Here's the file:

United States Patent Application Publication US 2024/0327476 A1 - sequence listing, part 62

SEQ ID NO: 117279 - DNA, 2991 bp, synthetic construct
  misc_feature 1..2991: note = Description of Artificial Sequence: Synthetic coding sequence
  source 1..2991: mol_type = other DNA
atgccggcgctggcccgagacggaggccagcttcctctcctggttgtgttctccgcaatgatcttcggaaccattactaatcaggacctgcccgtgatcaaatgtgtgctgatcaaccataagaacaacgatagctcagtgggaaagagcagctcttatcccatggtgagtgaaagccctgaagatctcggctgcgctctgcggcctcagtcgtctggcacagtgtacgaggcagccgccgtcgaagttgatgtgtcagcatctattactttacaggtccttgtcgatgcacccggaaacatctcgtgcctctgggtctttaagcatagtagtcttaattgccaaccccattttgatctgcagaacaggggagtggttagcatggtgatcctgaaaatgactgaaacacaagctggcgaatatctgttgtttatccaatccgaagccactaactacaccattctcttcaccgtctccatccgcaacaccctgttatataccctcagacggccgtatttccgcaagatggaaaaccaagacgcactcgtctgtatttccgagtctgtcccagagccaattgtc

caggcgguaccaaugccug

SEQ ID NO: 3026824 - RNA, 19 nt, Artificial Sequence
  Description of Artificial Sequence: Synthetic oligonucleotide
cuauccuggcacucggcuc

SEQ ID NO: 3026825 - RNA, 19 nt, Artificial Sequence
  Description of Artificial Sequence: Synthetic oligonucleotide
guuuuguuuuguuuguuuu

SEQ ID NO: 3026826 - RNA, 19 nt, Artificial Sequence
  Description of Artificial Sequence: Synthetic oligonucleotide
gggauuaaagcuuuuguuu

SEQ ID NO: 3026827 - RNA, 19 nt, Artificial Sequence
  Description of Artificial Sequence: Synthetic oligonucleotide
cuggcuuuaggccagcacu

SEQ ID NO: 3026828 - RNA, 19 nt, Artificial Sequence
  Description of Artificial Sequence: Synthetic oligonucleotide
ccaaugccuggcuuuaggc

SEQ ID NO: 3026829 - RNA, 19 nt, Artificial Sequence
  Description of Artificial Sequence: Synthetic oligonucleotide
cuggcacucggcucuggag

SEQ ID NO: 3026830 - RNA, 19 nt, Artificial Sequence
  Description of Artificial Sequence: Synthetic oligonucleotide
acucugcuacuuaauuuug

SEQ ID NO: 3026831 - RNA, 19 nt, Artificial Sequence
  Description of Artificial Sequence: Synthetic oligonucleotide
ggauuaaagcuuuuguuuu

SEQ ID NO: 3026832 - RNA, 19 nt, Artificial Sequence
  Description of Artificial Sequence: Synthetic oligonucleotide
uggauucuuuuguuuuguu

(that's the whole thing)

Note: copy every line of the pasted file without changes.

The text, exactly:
United States Patent Application Publication US 2024/0327476 A1 - sequence listing, part 62

SEQ ID NO: 117279 - DNA, 2991 bp, synthetic construct
  misc_feature 1..2991: note = Description of Artificial Sequence: Synthetic coding sequence
  source 1..2991: mol_type = other DNA
atgccggcgctggcccgagacggaggccagcttcctctcctggttgtgttctccgcaatgatcttcggaaccattactaatcaggacctgcccgtgatcaaatgtgtgctgatcaaccataagaacaacgatagctcagtgggaaagagcagctcttatcccatggtgagtgaaagccctgaagatctcggctgcgctctgcggcctcagtcgtctggcacagtgtacgaggcagccgccgtcgaagttgatgtgtcagcatctattactttacaggtccttgtcgatgcacccggaaacatctcgtgcctctgggtctttaagcatagtagtcttaattgccaaccccattttgatctgcagaacaggggagtggttagcatggtgatcctgaaaatgactgaaacacaagctggcgaatatctgttgtttatccaatccgaagccactaactacaccattctcttcaccgtctccatccgcaacaccctgttatataccctcagacggccgtatttccgcaagatggaaaaccaagacgcactcgtctgtatttccgagtctgtcccagagccaattgtc

caggcgguaccaaugccug

SEQ ID NO: 3026824 - RNA, 19 nt, Artificial Sequence
  Description of Artificial Sequence: Synthetic oligonucleotide
cuauccuggcacucggcuc

SEQ ID NO: 3026825 - RNA, 19 nt, Artificial Sequence
  Description of Artificial Sequence: Synthetic oligonucleotide
guuuuguuuuguuuguuuu

SEQ ID NO: 3026826 - RNA, 19 nt, Artificial Sequence
  Description of Artificial Sequence: Synthetic oligonucleotide
gggauuaaagcuuuuguuu

SEQ ID NO: 3026827 - RNA, 19 nt, Artificial Sequence
  Description of Artificial Sequence: Synthetic oligonucleotide
cuggcuuuaggccagcacu

SEQ ID NO: 3026828 - RNA, 19 nt, Artificial Sequence
  Description of Artificial Sequence: Synthetic oligonucleotide
ccaaugccuggcuuuaggc

SEQ ID NO: 3026829 - RNA, 19 nt, Artificial Sequence
  Description of Artificial Sequence: Synthetic oligonucleotide
cuggcacucggcucuggag

SEQ ID NO: 3026830 - RNA, 19 nt, Artificial Sequence
  Description of Artificial Sequence: Synthetic oligonucleotide
acucugcuacuuaauuuug

SEQ ID NO: 3026831 - RNA, 19 nt, Artificial Sequence
  Description of Artificial Sequence: Synthetic oligonucleotide
ggauuaaagcuuuuguuuu

SEQ ID NO: 3026832 - RNA, 19 nt, Artificial Sequence
  Description of Artificial Sequence: Synthetic oligonucleotide
uggauucuuuuguuuuguu